If all the year were playing holidays,
To sport would be as tedious as to work;
But when they seldom come, they wish’d for come,
And nothing pleaseth but rare accidents.

–The First Part of Henry the Fourth, Act I Scene 2, lines 204-207

The above Shakespeare quote is delivered by a young man who knows he must grow up. The speaker is Henry, Prince of Wales, destined to become Henry the Fifth. Seems an appropriate quote for Labor Day weekend, as I sit in a coffee shop and watch people frantically trying to make the most of one last summer holiday.

I’m also reminded of a bishop I knew in Maine speaking of his temple experiences. This was back when the closest LDS temple to Maine was in Washington DC (about a nine-hours drive if you can avoid the half-dozen metropolis rush hours en route). Having previously lived closer and attended the temple more often, this bishop remarked how his spiritual experiences felt more intense now that his visits were less frequent.

In your life, can you think of recurring events which bear a marked intensity because they happen less often?

…it was always yet the trick of our
English nation, if they have a good thing, to make it
too common.

–The Second Part of Henry the Fourth, Act I, Scene 2, lines 214-216

In the above quote, the comedic character Falstaff rails against the ceaseless cavalcade of Marvel superhero films. Or maybe he’s scoffing at Henry having sent him off to yet another military campaign. Either way…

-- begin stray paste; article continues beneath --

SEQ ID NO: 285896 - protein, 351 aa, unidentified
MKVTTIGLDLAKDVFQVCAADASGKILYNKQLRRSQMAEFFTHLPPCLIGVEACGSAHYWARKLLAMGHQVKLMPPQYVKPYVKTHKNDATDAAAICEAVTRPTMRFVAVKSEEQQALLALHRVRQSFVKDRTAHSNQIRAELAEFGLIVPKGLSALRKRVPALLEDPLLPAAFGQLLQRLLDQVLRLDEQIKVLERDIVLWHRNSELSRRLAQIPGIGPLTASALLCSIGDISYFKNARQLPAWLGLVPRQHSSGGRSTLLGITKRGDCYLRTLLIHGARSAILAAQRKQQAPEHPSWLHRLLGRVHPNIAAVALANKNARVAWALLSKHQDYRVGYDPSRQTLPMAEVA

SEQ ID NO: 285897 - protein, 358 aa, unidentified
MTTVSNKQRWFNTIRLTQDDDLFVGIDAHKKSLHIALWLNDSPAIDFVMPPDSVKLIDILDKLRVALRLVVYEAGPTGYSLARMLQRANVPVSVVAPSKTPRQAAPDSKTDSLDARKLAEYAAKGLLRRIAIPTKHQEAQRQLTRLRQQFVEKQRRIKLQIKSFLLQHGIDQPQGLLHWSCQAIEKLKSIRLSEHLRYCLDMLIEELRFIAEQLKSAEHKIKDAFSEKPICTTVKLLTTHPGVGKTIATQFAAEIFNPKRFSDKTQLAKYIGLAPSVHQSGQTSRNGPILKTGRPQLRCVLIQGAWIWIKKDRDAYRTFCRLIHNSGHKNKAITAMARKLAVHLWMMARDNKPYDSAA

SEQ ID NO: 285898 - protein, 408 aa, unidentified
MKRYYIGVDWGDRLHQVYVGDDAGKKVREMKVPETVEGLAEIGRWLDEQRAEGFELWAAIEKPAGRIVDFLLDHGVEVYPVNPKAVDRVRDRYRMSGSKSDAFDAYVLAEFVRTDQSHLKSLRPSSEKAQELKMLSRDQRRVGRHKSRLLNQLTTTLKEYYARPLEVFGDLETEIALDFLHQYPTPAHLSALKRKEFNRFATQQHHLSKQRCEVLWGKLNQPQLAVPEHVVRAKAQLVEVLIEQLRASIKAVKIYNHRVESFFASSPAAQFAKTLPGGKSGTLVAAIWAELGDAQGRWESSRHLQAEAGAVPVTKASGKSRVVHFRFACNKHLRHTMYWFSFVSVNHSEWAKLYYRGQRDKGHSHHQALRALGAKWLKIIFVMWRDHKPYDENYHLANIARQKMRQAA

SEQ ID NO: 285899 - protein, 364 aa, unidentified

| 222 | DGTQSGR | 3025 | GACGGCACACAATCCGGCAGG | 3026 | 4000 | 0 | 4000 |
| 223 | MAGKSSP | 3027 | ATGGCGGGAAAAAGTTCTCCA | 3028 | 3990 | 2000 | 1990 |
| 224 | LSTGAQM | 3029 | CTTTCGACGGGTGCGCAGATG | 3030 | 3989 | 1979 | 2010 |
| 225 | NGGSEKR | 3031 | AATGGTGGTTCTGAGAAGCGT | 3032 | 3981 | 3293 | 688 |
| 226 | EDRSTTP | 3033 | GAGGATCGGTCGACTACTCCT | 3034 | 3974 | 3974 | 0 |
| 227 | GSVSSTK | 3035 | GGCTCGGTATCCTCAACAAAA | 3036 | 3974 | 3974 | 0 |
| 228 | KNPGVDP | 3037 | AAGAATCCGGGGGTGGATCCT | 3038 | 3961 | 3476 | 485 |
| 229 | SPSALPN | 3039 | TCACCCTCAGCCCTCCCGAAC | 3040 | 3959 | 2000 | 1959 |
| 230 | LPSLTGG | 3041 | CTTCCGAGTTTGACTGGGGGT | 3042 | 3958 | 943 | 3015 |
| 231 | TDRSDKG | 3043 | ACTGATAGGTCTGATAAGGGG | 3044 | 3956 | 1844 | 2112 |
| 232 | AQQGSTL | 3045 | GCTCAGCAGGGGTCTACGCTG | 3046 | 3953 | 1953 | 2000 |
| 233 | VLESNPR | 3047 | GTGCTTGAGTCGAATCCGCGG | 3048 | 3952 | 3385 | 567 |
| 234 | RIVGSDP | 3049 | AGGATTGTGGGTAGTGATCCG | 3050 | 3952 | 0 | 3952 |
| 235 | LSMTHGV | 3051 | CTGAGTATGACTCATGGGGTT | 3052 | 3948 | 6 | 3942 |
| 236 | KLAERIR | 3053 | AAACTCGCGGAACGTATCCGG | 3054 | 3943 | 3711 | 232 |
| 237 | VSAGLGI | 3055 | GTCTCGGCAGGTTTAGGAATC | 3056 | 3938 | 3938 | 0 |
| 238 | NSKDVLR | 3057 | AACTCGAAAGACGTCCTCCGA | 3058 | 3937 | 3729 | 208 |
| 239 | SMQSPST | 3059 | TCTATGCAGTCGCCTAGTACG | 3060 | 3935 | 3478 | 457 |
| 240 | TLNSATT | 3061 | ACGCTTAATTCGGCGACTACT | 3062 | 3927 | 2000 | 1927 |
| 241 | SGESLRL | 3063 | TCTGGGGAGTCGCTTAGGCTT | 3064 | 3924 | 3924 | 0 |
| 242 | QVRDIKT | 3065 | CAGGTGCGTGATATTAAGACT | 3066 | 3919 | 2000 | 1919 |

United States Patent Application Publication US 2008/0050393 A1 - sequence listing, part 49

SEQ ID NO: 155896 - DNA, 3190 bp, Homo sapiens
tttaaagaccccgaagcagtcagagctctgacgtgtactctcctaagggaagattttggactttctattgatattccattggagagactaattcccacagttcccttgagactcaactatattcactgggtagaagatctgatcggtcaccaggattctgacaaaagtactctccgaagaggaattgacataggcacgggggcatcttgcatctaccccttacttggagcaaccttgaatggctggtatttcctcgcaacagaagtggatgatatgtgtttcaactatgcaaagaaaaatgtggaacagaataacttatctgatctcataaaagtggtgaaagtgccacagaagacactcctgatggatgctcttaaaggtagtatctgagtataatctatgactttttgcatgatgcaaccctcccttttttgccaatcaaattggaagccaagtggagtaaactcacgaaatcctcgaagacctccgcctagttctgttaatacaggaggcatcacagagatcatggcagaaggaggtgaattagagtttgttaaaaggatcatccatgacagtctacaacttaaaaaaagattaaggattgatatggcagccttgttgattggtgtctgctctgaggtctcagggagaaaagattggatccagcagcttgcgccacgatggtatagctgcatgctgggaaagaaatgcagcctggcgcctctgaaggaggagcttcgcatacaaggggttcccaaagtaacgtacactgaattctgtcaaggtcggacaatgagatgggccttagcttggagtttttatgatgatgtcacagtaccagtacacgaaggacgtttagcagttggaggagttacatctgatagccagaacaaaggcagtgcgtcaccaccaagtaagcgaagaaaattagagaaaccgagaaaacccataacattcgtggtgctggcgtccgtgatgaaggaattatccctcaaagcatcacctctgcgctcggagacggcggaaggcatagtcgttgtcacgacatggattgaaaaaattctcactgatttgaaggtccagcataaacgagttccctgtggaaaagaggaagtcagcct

Falstaff is literally and figuratively a mammoth force in Shakespeare. He sweats cynicism for Henry’s war-driven ambitions, while indulging in equally destructive riotous living. Contrasting Prince Henry, he’s an old man who never grew up.

So, Prince Henry and Falstaff both acknowledge the risk of having too much of a good thing. What do you think? Does your life have too many holidays or not enough? Why?


Poet’s Notes:

In addition to offering you good readers a holiday from my poetry, the above quotes come from my current reading project. This summer, while attending the Michigan Shakespeare Festival, I realized I’ve read more than half of Shakespeare’s plays over the years. So I am dedicating the remainder of 2018 to reading the rest of them. You will, from time to time, get a sampling of lines I enjoy most. Hope you enjoy them too!

For a previous dive into Shakespearean verse, read Justifying Mercy in Measure for Measure.

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